England football star Wayne Rooney has won a legal battle against a Welsh TV actor for the ownership of a website in the player's name.
Rooney took the action to gain control of the website domain name
Everton fan Huw Marshall, from Wrexham, registered WayneRooney.com in April 2002, when the striker was just 16.
The case had been taken to the United Nations' World Intellectual Property Organisation in Geneva, Switzerland.
A ruling was made that the domain name must be handed to the Manchester United striker and his management company.
A World Intellectual Property Organisation (WIPO) panel said the present owner's claim he had registered the domain in order to create a fan site was "a difficult story to swallow".
It added that the current owner acted in "bad faith" when he registered the domain, and that it should be handed over to Rooney within 10 days unless the decision is challenged in a civil court.
The WIPO panel was set up in 1999 to allow those who think they have the right to a domain to gain control of it without having to fight costly legal battles or pay large sums to so-called cybersquatters.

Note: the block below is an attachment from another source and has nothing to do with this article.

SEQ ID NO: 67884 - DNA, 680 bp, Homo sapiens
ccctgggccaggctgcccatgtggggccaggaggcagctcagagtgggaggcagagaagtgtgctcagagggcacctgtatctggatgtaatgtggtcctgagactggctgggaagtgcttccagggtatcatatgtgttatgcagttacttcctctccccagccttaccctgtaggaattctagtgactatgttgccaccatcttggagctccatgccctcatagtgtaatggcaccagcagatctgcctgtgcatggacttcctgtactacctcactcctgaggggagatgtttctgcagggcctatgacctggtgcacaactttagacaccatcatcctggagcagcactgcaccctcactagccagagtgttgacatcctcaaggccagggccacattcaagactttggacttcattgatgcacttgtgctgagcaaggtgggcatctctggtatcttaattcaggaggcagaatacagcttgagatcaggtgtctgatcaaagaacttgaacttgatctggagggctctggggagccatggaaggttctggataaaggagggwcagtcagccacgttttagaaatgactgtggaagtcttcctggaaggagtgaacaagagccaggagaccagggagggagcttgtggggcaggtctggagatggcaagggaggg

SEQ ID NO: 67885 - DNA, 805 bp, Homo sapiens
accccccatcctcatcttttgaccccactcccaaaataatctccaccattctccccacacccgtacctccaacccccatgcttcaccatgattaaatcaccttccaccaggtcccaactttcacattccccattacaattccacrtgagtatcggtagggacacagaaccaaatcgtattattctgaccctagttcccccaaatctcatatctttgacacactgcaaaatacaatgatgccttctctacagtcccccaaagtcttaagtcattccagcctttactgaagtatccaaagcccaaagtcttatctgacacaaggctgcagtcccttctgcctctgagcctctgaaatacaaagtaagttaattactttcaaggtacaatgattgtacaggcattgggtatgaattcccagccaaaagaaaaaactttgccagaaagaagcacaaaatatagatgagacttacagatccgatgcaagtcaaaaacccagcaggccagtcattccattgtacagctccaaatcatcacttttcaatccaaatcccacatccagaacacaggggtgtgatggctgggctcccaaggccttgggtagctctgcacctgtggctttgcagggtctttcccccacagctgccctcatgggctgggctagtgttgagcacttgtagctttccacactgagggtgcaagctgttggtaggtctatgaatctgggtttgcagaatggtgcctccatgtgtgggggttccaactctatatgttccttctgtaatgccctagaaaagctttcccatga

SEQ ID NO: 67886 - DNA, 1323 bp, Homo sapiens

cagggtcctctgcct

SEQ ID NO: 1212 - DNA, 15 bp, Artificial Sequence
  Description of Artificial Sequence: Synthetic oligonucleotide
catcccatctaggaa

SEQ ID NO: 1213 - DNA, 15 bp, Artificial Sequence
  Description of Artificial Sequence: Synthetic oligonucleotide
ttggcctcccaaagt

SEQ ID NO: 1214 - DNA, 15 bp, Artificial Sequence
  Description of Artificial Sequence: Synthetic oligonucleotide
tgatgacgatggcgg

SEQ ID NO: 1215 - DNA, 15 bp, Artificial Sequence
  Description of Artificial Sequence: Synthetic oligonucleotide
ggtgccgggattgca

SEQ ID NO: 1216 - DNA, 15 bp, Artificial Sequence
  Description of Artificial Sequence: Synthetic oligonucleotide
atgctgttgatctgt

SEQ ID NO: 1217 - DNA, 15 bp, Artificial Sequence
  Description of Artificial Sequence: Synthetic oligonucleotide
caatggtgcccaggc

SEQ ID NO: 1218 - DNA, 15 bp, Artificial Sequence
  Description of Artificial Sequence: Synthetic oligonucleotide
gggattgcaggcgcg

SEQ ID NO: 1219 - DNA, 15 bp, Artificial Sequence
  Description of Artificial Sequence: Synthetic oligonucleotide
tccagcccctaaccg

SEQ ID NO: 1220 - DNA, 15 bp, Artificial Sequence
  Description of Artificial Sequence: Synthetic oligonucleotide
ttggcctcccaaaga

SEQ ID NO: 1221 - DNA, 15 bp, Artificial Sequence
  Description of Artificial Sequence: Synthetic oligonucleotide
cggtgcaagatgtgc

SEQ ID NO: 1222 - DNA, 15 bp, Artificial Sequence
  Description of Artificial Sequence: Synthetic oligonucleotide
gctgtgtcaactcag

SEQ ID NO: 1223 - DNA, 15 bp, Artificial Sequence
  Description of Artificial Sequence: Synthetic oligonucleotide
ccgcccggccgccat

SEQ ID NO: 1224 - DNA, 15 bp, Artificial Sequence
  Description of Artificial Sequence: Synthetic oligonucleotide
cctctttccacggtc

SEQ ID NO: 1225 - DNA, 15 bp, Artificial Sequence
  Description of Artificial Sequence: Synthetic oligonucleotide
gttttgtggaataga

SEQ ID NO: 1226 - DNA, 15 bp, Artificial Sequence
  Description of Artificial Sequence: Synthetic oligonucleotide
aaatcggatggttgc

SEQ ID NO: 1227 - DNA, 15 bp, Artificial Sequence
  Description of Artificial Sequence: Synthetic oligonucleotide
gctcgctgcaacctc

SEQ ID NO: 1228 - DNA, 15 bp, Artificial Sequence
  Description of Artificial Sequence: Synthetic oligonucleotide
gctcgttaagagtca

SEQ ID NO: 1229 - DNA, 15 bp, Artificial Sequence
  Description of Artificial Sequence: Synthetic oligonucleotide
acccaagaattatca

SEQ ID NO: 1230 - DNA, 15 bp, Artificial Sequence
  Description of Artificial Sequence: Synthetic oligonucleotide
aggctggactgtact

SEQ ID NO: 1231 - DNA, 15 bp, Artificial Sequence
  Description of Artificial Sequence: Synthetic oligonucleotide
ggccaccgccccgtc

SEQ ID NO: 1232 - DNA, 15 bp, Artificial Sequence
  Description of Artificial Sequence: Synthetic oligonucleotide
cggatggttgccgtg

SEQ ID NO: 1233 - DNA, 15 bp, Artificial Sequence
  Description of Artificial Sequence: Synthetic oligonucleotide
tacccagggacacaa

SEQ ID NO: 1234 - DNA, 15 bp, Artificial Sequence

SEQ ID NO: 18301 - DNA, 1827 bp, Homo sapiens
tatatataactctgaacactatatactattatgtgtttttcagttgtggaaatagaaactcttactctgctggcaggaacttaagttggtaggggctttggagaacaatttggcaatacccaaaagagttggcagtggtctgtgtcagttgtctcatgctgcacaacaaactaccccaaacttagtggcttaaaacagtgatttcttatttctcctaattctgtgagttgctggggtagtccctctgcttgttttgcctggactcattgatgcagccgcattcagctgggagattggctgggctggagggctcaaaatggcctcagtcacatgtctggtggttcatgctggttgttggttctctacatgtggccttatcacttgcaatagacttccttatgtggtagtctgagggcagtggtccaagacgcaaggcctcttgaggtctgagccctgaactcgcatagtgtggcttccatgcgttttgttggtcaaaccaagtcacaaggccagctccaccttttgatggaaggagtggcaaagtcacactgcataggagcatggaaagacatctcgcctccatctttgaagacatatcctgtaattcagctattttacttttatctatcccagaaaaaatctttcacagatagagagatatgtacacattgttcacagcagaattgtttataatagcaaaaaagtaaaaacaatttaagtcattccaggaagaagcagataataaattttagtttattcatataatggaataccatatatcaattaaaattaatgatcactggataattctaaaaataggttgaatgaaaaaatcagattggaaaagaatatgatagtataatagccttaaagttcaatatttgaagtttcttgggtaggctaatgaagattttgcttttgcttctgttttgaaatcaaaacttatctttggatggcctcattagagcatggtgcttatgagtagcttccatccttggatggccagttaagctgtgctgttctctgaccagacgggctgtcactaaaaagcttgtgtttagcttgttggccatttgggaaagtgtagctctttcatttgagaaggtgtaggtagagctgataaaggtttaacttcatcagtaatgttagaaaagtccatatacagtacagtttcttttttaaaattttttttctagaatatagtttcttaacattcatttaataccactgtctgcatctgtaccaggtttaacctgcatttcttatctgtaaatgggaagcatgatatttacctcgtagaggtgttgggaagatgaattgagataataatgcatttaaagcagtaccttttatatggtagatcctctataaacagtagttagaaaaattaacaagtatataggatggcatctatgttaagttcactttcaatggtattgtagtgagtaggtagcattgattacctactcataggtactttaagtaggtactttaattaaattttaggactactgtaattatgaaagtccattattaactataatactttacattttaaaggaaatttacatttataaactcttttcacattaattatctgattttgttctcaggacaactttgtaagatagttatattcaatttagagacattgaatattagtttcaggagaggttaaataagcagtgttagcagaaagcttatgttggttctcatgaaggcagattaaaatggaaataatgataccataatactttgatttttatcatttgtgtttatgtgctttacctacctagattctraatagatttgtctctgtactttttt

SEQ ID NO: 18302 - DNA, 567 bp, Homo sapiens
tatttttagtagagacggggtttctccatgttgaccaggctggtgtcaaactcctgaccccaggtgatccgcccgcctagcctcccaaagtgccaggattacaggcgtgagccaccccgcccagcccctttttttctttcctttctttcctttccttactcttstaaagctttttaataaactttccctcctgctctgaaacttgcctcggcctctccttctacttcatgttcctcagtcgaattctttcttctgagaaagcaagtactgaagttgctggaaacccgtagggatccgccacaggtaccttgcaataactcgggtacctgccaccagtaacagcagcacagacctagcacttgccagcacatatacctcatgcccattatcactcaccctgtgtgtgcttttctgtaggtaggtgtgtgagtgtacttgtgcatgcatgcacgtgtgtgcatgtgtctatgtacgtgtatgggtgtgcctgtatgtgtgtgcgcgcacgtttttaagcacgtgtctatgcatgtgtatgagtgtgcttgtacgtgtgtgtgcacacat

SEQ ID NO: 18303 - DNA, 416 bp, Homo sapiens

Mr Marshall, an actor who appears in S4C's Welsh-language drama Tipyn o Stad, registered the domain six months before Rooney's profile soared after scoring a last minute goal for Everton against Arsenal.
The strike made him the Premiership's youngest goal-scorer at the time.
Mr Marshall, a lifelong Everton fan, said he had registered the name after seeing Rooney play in April 2002, with the view to setting up an Everton-based website.
But the actor said he never got round to building the site and then Rooney had left Everton for Manchester United.
'Huge legal documents'
"His agent actually contacted me back in 2002 before they registered Wayne Rooney as a trademark asking to purchase the website.
"I said if they wanted it they were more than welcome to have it, but then that fizzled out and they never got back to me," he said.
Mr Marshall said he had fought the action because of the way Rooney's agents had handled the issue.
"They hadn't contacted me for four years and then the next thing I know I'm getting huge legal documents from Geneva saying I'm denying poor young Wayne a living," he said.
"Unfortunately he gets the domain name back and I'm faced with a legal bill of over £6,000."